It made me rethink relationship dimensions, from a traditional vertical hierarchy view, to a horizontal and collaborative sharing view. That has formed a key premise of my leadership style. Through that lens, it’s really important to marry that with understanding different market shifts and trends. Those are the things I’ve had the opportunity to experience at IBM, and continue to want to focus on.
Finally, I asked Suh if she could have one do-over since she joined IBM 18 years ago, what would it be. She said she just doesn’t think in terms of do-overs:
I think it’s really important to trust yourself, and trust the teams that you’re on, and don’t over-analyze past decisions. My philosophy is, everyone has the opportunity to make decisions every single day — micro as well as macro, near-term as well as long-term. You’re never going to be 100 percent sure of anything, quite frankly. So the thing you need to be grounded in is, ‘OK, today I’m making the best decision I can, given the facts at hand,’ and then you move forward.
If it’s not the right decision, or things don’t come out the way you want, that’s OK. You just change course. So I don’t know that I would actually change anything. But one thing that I learned later in my career that I wish I had learned earlier is the power of storytelling — Ginni is amazing at that skill. It’s an experience I had with TED, but even before TED, I learned that it takes tremendous preparation. It’s amazing how much insight you can share in just five or 10 minutes. So that’s definitely a skill set that I would love to have honed earlier.
Suh wrapped up the conversation by encapsulating what she sees as the significance of the work she and her colleagues are doing at IBM:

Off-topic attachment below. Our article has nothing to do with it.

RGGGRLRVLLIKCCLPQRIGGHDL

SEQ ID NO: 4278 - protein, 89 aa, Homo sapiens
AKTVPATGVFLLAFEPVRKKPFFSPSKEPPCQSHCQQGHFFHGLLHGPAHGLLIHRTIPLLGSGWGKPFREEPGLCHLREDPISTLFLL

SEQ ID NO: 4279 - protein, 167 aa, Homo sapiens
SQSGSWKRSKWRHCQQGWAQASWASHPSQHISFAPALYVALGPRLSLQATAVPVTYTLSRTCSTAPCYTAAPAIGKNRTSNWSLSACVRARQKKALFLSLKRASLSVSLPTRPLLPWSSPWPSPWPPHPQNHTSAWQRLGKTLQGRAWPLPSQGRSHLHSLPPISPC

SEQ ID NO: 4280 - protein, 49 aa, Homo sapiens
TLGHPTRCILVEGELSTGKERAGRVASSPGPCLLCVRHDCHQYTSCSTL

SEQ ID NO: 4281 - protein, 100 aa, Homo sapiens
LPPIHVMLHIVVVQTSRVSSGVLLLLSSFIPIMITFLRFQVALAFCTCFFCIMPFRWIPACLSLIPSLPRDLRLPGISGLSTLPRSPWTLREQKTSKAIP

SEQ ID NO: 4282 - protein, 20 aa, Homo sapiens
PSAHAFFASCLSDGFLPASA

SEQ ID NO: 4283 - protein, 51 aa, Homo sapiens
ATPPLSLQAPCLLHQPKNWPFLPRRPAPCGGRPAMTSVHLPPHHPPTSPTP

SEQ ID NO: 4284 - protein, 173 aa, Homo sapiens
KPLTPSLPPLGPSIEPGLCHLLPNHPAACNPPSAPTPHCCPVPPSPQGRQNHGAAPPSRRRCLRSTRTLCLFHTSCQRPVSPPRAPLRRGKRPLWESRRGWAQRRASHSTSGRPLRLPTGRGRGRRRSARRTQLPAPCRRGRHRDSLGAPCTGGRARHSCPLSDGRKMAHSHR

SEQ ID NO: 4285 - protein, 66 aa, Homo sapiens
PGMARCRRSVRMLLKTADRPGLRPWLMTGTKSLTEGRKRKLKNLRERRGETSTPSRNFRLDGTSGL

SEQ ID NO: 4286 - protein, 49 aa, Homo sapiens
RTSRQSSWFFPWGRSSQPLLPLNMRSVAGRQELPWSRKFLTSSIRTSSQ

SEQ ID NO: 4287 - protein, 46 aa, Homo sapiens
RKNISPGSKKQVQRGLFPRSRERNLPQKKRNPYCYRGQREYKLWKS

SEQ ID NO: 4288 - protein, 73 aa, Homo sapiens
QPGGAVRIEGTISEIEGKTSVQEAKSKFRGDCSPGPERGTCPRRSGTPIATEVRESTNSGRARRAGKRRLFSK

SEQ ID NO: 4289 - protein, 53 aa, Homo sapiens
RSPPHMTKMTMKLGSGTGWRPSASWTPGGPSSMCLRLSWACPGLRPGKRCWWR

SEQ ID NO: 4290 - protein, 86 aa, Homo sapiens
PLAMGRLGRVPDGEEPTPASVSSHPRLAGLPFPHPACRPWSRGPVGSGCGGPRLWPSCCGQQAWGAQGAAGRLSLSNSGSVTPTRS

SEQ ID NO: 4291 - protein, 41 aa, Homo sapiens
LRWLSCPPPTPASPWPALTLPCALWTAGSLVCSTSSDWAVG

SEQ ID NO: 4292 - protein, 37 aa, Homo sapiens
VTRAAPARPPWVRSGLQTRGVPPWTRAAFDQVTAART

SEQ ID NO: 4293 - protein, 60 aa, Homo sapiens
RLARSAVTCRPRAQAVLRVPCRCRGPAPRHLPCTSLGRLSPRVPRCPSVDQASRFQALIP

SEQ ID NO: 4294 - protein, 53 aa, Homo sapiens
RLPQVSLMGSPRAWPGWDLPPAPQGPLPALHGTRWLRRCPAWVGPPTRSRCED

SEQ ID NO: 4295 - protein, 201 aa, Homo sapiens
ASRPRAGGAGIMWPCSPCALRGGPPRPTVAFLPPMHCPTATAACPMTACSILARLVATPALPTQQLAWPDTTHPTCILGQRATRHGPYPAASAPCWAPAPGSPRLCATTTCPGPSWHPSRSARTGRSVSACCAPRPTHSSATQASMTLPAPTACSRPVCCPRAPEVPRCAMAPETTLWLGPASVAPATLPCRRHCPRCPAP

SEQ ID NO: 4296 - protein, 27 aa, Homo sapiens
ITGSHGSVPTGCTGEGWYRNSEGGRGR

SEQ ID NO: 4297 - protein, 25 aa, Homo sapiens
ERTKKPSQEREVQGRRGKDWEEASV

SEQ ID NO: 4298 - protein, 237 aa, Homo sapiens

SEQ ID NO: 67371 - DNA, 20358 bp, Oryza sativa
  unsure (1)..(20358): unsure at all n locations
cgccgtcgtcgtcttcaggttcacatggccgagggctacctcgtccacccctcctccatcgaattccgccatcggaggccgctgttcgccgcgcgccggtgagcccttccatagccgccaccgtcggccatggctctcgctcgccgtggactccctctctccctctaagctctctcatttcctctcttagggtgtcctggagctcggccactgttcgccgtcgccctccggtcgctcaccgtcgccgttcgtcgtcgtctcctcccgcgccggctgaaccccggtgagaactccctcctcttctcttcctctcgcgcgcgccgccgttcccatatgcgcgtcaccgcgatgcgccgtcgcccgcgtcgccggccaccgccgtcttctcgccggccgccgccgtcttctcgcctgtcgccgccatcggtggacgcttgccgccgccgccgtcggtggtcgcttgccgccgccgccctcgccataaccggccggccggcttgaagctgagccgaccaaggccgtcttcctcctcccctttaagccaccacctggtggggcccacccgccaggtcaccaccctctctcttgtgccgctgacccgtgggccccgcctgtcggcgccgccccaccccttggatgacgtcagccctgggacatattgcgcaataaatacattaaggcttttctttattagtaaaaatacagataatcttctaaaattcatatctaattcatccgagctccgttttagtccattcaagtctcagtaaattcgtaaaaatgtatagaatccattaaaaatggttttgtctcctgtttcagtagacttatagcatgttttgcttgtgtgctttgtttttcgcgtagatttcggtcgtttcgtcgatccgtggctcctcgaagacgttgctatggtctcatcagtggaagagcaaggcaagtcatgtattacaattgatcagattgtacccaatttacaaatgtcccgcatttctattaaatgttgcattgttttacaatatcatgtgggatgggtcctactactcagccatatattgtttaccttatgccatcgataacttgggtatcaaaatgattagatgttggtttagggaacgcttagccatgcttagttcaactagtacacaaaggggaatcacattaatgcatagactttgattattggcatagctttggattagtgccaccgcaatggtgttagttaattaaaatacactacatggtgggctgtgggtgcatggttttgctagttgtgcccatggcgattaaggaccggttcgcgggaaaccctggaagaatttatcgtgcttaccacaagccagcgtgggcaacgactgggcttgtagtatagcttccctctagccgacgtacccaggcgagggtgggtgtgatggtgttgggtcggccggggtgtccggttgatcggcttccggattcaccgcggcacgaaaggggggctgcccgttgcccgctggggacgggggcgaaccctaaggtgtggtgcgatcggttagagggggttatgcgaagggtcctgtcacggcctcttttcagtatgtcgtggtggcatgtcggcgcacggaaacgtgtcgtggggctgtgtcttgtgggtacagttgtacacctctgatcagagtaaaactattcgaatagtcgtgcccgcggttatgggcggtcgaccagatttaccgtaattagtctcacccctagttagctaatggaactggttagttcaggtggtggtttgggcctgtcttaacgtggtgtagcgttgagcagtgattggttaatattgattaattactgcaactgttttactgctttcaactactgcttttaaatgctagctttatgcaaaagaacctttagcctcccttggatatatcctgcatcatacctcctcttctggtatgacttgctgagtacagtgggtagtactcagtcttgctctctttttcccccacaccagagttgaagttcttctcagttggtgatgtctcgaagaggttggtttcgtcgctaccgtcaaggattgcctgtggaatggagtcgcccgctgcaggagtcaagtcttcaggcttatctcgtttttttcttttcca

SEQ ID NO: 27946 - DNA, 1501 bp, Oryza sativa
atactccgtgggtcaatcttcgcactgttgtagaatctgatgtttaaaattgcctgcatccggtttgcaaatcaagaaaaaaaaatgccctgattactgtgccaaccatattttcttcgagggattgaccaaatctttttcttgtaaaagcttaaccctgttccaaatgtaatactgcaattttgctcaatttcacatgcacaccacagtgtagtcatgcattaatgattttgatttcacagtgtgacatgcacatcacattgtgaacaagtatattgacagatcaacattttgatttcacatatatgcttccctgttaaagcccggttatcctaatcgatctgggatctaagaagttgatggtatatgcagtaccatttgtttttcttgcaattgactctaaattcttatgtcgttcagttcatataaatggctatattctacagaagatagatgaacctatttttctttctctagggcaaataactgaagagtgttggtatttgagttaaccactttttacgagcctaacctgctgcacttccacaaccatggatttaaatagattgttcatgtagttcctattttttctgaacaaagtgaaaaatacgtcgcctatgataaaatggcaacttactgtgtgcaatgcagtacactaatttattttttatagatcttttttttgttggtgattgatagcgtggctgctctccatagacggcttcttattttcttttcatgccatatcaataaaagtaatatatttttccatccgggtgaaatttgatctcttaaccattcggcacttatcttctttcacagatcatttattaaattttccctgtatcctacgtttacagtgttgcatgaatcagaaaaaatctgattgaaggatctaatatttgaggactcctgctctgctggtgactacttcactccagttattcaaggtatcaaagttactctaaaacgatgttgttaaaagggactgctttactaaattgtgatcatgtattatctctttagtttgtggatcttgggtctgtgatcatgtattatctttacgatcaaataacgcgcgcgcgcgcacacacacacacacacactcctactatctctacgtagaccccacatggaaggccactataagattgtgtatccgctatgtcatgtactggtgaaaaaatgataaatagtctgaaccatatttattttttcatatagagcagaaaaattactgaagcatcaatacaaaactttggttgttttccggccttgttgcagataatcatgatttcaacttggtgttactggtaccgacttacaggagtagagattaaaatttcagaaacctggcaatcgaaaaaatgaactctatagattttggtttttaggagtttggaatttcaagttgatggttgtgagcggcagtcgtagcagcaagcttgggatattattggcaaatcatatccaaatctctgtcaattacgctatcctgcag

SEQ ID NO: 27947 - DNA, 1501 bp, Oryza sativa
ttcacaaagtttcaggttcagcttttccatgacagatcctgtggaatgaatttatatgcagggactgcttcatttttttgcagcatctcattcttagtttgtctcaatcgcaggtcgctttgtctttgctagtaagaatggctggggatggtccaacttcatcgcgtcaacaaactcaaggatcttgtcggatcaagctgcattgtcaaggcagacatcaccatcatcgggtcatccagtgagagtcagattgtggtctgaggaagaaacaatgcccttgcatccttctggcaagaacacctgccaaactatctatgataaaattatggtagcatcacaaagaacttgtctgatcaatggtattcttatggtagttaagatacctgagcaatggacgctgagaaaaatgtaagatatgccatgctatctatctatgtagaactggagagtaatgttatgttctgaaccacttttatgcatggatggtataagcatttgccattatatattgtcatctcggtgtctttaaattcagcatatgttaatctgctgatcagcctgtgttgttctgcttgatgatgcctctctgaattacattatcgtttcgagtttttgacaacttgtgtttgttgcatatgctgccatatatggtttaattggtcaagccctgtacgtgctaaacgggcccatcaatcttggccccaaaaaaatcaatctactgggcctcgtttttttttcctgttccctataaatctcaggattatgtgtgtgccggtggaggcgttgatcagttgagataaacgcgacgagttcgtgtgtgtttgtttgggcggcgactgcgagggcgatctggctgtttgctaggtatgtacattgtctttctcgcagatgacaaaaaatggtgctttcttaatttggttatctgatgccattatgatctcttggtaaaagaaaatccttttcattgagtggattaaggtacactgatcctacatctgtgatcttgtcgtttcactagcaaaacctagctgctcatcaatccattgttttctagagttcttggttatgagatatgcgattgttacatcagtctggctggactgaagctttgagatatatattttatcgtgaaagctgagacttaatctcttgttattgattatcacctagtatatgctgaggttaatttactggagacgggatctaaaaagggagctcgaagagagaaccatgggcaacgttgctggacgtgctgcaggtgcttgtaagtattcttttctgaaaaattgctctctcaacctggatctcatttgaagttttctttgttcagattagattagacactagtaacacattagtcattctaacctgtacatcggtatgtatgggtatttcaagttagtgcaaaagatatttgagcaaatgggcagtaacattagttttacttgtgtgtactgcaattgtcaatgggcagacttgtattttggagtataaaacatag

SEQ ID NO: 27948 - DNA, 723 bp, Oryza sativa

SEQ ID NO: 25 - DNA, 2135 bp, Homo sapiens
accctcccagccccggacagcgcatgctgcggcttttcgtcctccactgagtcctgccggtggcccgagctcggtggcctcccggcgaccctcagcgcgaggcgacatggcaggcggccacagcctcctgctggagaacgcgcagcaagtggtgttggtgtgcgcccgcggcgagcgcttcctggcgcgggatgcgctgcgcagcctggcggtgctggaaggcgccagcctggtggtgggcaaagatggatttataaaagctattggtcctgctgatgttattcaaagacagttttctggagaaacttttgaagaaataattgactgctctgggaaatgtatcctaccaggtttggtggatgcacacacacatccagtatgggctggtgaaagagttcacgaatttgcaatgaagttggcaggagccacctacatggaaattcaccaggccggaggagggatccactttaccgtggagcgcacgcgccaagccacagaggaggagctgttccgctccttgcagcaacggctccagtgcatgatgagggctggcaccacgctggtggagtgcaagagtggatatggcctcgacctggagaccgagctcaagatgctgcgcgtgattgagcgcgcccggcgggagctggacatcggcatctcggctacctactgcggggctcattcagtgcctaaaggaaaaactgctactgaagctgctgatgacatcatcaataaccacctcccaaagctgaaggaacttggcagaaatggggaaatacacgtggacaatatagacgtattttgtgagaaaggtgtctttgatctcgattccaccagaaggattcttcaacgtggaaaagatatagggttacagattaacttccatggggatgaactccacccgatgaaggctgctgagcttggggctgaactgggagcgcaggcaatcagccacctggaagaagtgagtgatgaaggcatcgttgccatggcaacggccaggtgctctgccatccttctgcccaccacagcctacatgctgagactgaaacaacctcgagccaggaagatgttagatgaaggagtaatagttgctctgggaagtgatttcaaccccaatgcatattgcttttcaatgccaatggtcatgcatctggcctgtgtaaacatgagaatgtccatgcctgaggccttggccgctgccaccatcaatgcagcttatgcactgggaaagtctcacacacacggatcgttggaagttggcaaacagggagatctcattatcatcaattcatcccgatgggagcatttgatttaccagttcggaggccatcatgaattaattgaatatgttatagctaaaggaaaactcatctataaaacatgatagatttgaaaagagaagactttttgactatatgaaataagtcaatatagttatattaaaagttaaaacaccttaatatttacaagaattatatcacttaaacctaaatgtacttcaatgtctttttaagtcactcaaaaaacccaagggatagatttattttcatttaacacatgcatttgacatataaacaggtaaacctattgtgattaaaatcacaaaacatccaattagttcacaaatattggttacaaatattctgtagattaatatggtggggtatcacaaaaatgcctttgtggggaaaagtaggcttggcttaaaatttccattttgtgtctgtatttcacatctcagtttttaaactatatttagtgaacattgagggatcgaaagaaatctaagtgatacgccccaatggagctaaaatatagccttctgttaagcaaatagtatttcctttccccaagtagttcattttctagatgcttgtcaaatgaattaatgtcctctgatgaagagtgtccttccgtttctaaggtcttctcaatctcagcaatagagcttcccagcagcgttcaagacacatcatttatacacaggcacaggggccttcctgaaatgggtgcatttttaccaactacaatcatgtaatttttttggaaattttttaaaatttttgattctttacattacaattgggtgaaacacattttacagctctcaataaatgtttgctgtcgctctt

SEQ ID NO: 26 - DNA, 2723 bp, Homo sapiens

Ultimately, the transformation that you’re seeing in the industry, and at IBM, has to do with the importance of embedding analytics and the understanding of people in the technology, moving forward. The intersection of analytics with workplace applications and new capabilities is really exciting. It’s really a natural extension of our ability to interact. To me, this will actually help accelerate some of the dimensions around diversity of skills and leadership.
A contributing writer on IT management and career topics with IT Business Edge since 2009, Don Tennant began his technology journalism career in 1990 in Hong Kong, where he served as editor of the Hong Kong edition of Computerworld. After returning to the U.S. in 2000, he became Editor in Chief of the U.S. edition of Computerworld, and later assumed the editorial directorship of Computerworld and InfoWorld. Don was presented with the 2007 Timothy White Award for Editorial Integrity by American Business Media, and he is a recipient of the Jesse H. Neal National Business Journalism Award for editorial excellence in news coverage. Follow him on Twitter @dontennant.